GARY: Sure, yeah, without saying too much. There definitely is a journey with him. I always see Wilf being very strongly connected to Flynne, Chloe's character, there's a sort of mirroring thing that's happening between them, whereas they sort of meet because of the circumstance, and I think they have this impression of each other where they don't really consider each other as human beings. They know they are real people, but they both have a mission.
I think what you see with Wilf, over the course of the series, is how he basically just finds the humanity in Flynne and her world, and he really starts to care. I can't say too much, because there are certain things that he's on a mission and he's trying to find answers for things which I can't speak about right now, but yeah, I love that the art between him and Chloe's character, where he just basically starts to care for and that kind of changes the whole dynamic, and his whole approach to everything else, like past that point. I think he's just very much, I don't know, I can't say much about the character other than there's a change in him that from the start of the series to the end, I think there's a big change, actually.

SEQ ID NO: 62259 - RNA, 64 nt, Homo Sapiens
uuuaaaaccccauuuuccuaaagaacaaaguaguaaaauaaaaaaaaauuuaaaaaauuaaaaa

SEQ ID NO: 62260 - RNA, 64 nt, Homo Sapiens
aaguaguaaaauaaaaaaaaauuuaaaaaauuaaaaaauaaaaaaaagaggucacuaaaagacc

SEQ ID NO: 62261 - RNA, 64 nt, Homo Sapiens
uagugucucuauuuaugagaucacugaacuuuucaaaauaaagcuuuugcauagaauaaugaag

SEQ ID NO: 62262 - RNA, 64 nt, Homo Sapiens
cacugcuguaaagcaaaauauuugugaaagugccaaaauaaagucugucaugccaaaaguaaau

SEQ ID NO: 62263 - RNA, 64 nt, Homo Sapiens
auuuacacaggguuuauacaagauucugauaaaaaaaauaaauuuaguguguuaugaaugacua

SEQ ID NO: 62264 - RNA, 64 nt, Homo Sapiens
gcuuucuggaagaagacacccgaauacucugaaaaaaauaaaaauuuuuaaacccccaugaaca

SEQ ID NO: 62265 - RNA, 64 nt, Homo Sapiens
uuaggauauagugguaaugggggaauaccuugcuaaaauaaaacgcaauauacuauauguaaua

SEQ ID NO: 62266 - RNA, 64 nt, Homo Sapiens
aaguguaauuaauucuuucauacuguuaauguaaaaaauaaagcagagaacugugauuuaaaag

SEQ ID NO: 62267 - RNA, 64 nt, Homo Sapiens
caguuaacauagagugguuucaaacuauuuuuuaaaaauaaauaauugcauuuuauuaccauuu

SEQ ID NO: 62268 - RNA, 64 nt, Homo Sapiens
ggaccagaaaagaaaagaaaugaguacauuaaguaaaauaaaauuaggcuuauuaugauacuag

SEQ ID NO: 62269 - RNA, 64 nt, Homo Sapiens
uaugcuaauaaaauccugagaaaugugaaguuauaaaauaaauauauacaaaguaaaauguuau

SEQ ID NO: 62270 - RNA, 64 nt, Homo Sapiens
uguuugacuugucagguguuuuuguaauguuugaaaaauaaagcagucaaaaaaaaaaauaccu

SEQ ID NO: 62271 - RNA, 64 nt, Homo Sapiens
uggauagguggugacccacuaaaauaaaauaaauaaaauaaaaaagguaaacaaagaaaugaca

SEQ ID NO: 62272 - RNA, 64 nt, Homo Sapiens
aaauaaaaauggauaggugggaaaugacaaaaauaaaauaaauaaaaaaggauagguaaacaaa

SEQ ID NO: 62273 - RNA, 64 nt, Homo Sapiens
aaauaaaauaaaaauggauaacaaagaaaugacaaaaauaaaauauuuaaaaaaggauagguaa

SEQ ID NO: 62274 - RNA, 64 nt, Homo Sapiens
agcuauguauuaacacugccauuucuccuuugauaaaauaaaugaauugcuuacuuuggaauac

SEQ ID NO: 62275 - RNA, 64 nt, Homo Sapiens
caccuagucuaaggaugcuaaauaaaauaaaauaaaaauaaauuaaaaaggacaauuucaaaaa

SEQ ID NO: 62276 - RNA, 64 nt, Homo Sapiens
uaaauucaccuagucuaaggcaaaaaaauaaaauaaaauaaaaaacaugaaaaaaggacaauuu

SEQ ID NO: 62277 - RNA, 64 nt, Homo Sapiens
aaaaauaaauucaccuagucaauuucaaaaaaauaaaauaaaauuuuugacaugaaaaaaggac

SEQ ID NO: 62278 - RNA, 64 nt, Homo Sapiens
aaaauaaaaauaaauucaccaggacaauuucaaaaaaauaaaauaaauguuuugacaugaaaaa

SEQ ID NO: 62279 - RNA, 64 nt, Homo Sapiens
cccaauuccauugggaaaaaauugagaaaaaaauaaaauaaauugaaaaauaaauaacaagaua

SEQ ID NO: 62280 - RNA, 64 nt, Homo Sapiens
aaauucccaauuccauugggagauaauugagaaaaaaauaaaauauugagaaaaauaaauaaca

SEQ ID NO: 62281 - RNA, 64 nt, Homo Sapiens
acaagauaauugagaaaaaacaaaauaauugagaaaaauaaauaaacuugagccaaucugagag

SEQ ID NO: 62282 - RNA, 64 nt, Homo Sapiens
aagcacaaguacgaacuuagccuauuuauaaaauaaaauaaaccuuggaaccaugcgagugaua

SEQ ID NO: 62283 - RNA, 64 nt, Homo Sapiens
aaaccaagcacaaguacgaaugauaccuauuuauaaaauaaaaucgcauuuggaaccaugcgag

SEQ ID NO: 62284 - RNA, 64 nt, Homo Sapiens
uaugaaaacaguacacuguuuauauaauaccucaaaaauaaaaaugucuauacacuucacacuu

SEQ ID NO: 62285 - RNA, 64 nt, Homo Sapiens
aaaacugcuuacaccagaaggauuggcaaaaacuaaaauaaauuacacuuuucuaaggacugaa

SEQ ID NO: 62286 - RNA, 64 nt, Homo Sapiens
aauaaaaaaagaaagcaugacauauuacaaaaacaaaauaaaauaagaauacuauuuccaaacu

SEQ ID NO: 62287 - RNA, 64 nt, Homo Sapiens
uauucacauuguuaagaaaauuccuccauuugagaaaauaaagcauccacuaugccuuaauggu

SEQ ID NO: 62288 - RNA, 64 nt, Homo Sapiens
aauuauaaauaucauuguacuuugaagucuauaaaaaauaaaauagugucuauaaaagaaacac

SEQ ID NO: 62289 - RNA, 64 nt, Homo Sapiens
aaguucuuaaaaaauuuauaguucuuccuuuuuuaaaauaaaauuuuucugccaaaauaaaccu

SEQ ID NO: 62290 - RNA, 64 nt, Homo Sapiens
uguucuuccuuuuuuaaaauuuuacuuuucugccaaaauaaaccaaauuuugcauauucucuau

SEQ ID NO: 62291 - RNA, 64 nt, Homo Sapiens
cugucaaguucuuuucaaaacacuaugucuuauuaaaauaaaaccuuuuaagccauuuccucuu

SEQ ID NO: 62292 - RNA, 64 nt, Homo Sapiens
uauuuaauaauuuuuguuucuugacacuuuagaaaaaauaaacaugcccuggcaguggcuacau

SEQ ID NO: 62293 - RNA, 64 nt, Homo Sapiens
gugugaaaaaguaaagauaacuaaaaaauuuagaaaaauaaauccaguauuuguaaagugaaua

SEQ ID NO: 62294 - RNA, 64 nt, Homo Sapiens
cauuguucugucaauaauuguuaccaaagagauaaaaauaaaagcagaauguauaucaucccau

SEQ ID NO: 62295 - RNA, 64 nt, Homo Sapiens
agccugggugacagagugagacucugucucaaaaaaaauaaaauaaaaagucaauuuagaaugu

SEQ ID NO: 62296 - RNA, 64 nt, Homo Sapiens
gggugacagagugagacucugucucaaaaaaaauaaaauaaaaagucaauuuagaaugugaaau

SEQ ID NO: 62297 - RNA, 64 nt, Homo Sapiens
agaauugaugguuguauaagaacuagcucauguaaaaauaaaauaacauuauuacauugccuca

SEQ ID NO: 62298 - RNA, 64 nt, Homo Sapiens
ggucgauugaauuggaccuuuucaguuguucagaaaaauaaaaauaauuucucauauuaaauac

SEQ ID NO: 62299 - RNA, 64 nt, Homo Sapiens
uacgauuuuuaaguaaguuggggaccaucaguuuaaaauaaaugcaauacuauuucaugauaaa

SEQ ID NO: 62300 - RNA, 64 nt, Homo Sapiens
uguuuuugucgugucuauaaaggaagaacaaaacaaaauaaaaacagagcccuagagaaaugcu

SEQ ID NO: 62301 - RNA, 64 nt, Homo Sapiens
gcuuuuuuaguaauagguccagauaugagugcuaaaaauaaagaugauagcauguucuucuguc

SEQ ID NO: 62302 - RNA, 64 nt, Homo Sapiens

ROHAN: Virtual reality and gaming are becoming increasingly popular forms of escapsim and your series really takes that whole concept to an entirely new level. What do you think it is about these forms of entertainment that people are finding so captivating?
GARY: I think it's probably because, well, it's fun. I mean, gaming, I was a gamer up until, I guess, 12 years old, on the old consoles, but it's a form of escapism…
JONATHAN: Which console did you have?